New York needs to step up here and regulate the sport. It isn’t the flavor of the day to ban what was once considered “human cockfighting.” It isn’t smart to ban a sport that since 1997 has undergone vast changes to make it less barbaric and more legitimate. And, at the very least, it makes no sense to permit amateur MMA in the state without putting safeguards in place to protect the participants.

But this is government we’re talking about. The intelligent option doesn’t always win out. (In my experience, it almost never wins out.) It’s like that little voice in your head telling you not to do something stupid, but you do it anyway.

You would think the state that allows so many immigrants to pass through its gates would be understanding of liberty and how the government should work. It should stand as an example to the rest of the world of how the country works on both political and cultural levels. Yet, instead of having a government by the people, for the people, New York has a government by the people for the lobbyists.

The Culinary Union has fought hard against the UFC’s efforts to bring the sport to New York. The Culinary Union has opposed the UFC by citing the inappropriate comments of fighters and the brutality of the sport. However, the same union doesn’t oppose other sports like the NFL or boxing, where the same stuff goes on. I could sit here and list all the inappropriate things that have been said and done in those sports, but it would be a long list.

However, at the root of the issue, the union cares little about those comments or the sport itself. Peek behind the curtain, and what you’ll find is an organization that is feuding with the Fertittas over issues related to the unionizing of the Station Casinos. In its effort to take the war from Nevada to New York, it has managed to do little more than stifle another state’s economy and also risk the health and lives of numerous athletes. Their efforts have led to this.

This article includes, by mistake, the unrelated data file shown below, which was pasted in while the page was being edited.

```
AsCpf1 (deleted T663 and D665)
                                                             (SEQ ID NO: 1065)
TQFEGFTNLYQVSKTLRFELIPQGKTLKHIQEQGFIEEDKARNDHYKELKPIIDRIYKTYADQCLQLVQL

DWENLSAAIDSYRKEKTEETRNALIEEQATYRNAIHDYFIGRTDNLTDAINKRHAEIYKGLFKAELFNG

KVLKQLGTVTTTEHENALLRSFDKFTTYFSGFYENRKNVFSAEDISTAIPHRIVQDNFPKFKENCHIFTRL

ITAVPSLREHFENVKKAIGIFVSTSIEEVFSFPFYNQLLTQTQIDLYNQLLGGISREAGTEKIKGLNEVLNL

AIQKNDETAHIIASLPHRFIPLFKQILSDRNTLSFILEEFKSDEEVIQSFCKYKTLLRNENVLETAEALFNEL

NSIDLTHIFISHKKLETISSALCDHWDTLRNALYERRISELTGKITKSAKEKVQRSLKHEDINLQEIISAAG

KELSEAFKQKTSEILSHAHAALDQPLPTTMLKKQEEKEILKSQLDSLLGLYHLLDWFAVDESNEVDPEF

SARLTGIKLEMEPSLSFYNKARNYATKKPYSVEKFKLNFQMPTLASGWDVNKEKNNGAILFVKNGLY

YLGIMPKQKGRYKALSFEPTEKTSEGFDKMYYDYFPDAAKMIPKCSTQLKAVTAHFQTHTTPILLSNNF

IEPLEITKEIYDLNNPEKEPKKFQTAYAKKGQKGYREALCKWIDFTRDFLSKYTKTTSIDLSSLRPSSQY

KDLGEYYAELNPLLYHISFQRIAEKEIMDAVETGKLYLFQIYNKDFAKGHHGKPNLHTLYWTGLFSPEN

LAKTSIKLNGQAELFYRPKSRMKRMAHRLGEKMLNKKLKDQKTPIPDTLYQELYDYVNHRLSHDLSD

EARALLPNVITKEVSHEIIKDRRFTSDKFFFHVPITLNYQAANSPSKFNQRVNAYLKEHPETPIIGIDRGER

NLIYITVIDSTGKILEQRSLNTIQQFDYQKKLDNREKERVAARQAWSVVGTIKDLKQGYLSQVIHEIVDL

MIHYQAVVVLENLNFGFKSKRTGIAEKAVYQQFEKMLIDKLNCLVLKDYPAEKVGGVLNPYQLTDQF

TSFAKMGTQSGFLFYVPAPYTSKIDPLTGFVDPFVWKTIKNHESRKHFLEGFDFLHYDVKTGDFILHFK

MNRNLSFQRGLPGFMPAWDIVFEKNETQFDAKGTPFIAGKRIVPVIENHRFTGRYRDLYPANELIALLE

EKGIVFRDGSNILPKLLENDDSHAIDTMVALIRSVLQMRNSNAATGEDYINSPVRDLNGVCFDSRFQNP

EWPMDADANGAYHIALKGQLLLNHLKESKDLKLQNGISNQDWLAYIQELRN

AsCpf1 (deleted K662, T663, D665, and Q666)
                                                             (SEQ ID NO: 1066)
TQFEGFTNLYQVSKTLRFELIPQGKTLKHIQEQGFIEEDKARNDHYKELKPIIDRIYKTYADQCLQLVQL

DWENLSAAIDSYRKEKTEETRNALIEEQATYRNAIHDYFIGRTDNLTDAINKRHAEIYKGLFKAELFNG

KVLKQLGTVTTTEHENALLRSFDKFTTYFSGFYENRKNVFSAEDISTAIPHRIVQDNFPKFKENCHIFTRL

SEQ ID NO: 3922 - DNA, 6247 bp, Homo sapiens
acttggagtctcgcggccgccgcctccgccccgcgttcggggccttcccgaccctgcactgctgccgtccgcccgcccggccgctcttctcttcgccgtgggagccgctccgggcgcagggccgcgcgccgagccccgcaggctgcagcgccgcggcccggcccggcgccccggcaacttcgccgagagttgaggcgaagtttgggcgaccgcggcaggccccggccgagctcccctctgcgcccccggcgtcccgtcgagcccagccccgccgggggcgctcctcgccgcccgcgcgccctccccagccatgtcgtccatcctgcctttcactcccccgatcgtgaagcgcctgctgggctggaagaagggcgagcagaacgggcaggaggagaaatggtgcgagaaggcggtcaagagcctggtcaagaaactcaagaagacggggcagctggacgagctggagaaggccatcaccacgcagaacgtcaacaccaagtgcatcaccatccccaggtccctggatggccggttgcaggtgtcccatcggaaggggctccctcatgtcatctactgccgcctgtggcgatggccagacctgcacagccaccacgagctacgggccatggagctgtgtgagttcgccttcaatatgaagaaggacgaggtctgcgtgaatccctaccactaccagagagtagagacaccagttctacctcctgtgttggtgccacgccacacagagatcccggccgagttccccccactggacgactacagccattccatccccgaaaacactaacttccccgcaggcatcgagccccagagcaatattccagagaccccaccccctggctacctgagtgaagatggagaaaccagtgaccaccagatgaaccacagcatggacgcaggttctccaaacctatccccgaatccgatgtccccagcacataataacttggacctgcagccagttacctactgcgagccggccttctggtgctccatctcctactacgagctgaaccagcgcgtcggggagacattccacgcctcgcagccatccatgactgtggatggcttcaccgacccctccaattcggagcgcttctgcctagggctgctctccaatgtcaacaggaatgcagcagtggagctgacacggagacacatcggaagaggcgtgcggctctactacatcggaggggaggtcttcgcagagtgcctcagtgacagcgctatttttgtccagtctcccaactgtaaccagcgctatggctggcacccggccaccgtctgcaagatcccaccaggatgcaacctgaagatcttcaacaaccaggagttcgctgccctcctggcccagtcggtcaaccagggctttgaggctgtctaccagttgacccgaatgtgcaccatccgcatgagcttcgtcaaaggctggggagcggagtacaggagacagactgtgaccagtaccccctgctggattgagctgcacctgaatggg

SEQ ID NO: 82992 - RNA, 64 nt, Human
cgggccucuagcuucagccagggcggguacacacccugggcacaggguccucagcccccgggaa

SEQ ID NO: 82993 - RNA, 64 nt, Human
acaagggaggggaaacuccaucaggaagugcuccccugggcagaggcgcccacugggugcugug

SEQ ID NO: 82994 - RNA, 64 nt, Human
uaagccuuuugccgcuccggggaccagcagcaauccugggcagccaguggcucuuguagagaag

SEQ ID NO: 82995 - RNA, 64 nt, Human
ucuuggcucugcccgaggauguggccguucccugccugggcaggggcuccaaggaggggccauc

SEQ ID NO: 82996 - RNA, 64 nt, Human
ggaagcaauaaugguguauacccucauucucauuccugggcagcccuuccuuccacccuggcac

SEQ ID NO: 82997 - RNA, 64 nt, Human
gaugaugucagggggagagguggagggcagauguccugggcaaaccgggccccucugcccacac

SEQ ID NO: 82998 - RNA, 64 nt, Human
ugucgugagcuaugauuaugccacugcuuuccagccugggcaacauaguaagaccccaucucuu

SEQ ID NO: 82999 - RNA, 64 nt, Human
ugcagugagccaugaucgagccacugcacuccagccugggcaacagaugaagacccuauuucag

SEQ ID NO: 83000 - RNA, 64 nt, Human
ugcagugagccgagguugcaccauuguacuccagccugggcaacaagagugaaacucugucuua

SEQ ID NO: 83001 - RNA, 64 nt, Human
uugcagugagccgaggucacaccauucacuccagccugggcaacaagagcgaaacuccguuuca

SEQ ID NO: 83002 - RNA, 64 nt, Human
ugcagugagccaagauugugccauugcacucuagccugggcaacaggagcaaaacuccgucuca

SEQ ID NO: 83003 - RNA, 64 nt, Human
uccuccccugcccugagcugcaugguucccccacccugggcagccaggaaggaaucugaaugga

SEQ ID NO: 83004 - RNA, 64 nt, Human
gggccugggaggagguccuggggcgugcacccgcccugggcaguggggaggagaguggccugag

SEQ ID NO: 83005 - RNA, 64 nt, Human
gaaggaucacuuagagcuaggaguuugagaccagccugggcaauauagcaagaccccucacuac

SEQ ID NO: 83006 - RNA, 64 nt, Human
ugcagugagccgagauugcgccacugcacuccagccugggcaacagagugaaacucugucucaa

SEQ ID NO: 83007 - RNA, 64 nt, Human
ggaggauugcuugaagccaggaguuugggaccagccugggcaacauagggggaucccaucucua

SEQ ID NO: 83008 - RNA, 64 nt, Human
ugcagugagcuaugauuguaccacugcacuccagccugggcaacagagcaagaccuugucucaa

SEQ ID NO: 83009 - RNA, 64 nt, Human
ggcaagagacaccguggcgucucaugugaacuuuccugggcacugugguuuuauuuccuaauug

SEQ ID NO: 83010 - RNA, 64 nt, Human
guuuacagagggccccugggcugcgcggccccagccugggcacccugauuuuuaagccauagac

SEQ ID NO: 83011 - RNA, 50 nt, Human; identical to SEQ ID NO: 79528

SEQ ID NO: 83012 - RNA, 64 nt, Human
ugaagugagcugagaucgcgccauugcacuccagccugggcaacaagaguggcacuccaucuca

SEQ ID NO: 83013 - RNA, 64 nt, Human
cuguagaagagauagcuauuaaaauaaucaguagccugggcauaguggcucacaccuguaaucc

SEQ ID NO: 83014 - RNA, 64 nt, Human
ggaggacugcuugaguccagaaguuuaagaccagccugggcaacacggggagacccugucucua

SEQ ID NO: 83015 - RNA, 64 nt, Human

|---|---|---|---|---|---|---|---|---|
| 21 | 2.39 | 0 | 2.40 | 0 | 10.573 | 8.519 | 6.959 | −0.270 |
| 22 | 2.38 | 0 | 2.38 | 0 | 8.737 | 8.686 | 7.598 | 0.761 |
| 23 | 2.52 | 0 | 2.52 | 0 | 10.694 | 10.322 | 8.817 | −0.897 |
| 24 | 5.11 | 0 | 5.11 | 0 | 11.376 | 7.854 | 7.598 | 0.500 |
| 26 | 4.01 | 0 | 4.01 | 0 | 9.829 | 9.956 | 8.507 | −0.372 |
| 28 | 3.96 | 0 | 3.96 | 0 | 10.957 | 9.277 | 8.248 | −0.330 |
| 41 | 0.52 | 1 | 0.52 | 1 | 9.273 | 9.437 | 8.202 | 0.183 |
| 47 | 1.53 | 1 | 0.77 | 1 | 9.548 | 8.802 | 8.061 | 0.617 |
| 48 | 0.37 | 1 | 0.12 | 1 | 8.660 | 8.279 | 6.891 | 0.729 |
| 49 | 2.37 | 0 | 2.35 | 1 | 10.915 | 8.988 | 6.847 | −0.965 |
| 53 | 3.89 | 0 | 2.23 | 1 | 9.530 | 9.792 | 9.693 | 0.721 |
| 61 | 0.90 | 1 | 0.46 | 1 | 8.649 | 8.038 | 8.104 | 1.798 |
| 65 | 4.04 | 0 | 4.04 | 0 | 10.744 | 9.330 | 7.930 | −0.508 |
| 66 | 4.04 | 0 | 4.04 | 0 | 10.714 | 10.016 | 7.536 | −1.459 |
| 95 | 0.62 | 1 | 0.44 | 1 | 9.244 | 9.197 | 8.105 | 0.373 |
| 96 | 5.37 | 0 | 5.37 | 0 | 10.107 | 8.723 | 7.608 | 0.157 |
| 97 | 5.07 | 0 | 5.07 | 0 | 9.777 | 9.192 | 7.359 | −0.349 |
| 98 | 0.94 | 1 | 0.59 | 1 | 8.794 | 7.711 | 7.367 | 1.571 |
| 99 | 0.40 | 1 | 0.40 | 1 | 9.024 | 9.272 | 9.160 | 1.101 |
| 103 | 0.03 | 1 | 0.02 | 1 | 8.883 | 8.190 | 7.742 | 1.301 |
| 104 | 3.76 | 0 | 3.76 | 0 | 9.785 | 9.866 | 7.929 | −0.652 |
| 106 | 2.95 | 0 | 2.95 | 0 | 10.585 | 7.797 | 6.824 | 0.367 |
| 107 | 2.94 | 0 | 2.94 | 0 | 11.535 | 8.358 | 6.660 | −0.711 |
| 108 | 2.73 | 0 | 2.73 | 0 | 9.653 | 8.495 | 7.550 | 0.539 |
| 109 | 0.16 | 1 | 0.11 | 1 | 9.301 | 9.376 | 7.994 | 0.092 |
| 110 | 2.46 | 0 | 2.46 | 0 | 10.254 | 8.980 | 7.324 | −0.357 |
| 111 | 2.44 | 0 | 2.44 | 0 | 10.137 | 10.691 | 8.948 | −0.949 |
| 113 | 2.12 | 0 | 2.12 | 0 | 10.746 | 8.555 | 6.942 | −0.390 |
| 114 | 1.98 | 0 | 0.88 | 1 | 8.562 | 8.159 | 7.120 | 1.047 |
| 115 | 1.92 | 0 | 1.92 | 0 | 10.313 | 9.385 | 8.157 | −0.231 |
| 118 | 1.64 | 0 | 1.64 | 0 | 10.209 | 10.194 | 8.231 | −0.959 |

New York’s refusal to legalize the sport has become a joke—a huge joke. In 2014, there is no excuse left for not legalizing MMA, and certainly there’s no reason to ignore what’s going on at the amateur level of the sport. Sadly, though, the state’s government will again side with lobbyists and play petty political games at the expense of the people they are meant to represent. Government in New York isn’t about what the constituency wants anymore. Now, it’s all about politicians seeking re-election by satisfying people who can keep them in office. Boy, I hope that sweet, sweet re-election victory is worth it, New York legislators.

About The Author

Sal DeRose
Staff Writer

Sal hails from New Jersey and is currently training for his first MMA fight. He hopes to use his knowledge and insight to generate articles that interest and entertain you. Outside of MMA, Sal is a big fan of every other sport. He's a diehard New York sports fan, with the exception of cheering for the Packers.